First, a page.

"users of greater bandwidth", well all SBC, Time Warner,
Comcast, and all of the others have to do is give you the
Premium service. If you think that by automatically getting the
premium service is going to save you money???? Think again.
SBC and Time warner will still charge the premium price for the
premium service that they will be "forced to provide". The
consumer will not be able to lower their costs by subscribing to
a lower grade service even if they dont need all that bandwidth.
So Now Cable is going to cost $89.95 and DSL is going to cost
anywhere from $24.95 regardless. No more $14.95 for web
surfers and email checkers... no more $29.95 for no contract
required fast cable. All this because the Socialist Democrats
thought this would be "in our best Interest". This is what
Socialism vs a free market is about! I can only hope this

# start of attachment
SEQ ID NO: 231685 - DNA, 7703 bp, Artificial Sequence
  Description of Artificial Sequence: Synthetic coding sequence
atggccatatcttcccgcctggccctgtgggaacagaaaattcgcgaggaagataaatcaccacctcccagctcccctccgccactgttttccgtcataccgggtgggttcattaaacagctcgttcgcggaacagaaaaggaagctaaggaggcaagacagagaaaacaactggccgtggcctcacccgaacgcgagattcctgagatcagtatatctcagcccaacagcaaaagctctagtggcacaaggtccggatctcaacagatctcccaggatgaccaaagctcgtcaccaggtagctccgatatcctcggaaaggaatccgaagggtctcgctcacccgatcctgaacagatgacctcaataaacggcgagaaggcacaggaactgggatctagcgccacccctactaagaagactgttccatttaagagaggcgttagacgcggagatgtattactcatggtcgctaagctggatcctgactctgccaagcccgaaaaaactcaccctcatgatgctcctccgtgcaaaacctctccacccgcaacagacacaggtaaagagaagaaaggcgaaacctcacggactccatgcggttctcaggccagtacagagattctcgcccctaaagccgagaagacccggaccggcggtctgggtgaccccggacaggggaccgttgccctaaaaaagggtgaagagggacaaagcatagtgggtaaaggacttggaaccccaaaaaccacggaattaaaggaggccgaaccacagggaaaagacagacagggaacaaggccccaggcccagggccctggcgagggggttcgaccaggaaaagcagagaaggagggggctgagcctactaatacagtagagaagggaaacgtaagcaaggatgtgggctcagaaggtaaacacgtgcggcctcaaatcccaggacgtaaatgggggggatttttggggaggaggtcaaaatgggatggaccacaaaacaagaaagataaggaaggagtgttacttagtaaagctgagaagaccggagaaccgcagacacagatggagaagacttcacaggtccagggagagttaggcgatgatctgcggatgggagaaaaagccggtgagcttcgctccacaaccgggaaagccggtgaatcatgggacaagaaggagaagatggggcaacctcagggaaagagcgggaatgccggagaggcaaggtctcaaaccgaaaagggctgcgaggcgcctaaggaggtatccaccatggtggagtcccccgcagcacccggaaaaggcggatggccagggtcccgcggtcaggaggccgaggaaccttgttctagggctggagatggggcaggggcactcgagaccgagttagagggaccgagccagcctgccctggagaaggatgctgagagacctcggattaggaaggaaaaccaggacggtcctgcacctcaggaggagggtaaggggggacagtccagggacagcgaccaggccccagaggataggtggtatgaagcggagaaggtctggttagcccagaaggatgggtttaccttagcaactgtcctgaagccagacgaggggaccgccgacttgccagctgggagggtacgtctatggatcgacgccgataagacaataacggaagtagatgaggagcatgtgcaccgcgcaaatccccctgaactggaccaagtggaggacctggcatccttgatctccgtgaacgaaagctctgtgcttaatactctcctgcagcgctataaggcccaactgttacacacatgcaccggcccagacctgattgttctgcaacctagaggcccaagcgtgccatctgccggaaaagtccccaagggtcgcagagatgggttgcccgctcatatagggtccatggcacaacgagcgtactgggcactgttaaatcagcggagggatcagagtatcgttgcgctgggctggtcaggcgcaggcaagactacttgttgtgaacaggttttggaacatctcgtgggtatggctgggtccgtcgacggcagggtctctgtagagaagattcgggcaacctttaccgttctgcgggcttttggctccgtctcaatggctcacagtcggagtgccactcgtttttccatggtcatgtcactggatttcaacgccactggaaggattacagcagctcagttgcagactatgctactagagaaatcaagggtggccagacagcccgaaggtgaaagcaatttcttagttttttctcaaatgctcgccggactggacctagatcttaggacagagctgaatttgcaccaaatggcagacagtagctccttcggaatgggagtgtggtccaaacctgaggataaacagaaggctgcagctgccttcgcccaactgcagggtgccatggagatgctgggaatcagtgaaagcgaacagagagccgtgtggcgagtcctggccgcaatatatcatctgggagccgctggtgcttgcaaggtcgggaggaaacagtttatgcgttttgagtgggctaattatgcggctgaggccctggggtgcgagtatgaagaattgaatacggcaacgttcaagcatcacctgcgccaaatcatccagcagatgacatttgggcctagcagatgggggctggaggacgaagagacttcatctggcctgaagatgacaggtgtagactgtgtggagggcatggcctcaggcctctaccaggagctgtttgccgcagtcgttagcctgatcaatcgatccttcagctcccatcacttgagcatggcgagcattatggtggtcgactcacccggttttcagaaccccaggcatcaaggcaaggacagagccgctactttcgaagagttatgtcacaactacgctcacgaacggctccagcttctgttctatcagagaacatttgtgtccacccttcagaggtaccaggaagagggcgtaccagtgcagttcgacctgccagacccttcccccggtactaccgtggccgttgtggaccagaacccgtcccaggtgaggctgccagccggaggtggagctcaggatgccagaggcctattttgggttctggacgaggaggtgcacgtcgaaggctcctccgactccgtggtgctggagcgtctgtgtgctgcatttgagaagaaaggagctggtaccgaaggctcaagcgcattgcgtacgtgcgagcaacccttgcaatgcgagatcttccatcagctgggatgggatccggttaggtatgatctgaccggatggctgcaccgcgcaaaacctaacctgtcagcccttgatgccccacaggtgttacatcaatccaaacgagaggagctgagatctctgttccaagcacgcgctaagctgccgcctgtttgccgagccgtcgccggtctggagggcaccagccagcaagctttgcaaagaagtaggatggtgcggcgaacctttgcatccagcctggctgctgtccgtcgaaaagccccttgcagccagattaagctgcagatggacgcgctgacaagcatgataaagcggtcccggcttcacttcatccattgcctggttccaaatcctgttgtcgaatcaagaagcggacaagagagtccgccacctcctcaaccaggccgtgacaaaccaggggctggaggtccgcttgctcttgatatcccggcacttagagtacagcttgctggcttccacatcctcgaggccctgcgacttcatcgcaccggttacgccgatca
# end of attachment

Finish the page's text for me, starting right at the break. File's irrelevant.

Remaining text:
measure to be defeated!
Posted by ericblr0716 (83 comments )
Reply Link Flag
You have it backwards
That is not at all what net neutrality bills are working to stop. It has nothing to do with what services and speeds an ISP can offer to an end user. What the backbone providers want to do is charge sites like Google that have heavy traffic to their sites additional fees to guarentee that their traffic continues to flow at top speed. If they don't pay the premium, they can have their traffic choked off, effectively limiting or killing their access to their customers. The real reason they want to do this is not to ensure they get paid for the infrastructure they provided, it is so they can limit other companies that compete with services they want to provide. If allowed to tier access to the backbone, they can ensure their service flows fast and the competitions service flows slow knowing that customers will then switch to the providers service. These bills aren't forcing providers to only provide the fastest speed possible to end users or limiting the choice of plans they can subsribe to. These bills are protecting consumers from predatory providers interested in hijaking the internet so they become monopoly providers of all net services.
Posted by Chris Baumgardt (9 comments )
Link Flag
You're kidding, right?